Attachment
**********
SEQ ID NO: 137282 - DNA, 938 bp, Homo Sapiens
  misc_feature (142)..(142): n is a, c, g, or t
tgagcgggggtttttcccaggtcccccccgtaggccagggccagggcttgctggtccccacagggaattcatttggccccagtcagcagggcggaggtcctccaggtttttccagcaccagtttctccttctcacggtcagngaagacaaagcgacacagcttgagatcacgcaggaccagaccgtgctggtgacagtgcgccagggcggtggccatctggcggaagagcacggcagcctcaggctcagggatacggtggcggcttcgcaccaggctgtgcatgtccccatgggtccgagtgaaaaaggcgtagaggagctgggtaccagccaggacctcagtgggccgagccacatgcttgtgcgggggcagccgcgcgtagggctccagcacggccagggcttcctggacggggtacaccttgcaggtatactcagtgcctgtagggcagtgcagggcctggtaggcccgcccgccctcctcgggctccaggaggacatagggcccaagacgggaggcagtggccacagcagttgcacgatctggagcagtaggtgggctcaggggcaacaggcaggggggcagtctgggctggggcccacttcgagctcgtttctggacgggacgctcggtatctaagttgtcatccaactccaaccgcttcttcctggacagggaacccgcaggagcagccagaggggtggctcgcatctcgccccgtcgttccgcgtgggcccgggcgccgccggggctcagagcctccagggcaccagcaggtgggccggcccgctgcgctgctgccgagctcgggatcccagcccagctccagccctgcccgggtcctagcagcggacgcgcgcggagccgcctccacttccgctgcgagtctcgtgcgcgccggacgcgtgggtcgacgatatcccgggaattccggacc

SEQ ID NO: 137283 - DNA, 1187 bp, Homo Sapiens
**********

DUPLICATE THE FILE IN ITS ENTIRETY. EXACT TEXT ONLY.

SEQ ID NO: 137282 - DNA, 938 bp, Homo Sapiens
  misc_feature (142)..(142): n is a, c, g, or t
tgagcgggggtttttcccaggtcccccccgtaggccagggccagggcttgctggtccccacagggaattcatttggccccagtcagcagggcggaggtcctccaggtttttccagcaccagtttctccttctcacggtcagngaagacaaagcgacacagcttgagatcacgcaggaccagaccgtgctggtgacagtgcgccagggcggtggccatctggcggaagagcacggcagcctcaggctcagggatacggtggcggcttcgcaccaggctgtgcatgtccccatgggtccgagtgaaaaaggcgtagaggagctgggtaccagccaggacctcagtgggccgagccacatgcttgtgcgggggcagccgcgcgtagggctccagcacggccagggcttcctggacggggtacaccttgcaggtatactcagtgcctgtagggcagtgcagggcctggtaggcccgcccgccctcctcgggctccaggaggacatagggcccaagacgggaggcagtggccacagcagttgcacgatctggagcagtaggtgggctcaggggcaacaggcaggggggcagtctgggctggggcccacttcgagctcgtttctggacgggacgctcggtatctaagttgtcatccaactccaaccgcttcttcctggacagggaacccgcaggagcagccagaggggtggctcgcatctcgccccgtcgttccgcgtgggcccgggcgccgccggggctcagagcctccagggcaccagcaggtgggccggcccgctgcgctgctgccgagctcgggatcccagcccagctccagccctgcccgggtcctagcagcggacgcgcgcggagccgcctccacttccgctgcgagtctcgtgcgcgccggacgcgtgggtcgacgatatcccgggaattccggacc

SEQ ID NO: 137283 - DNA, 1187 bp, Homo Sapiens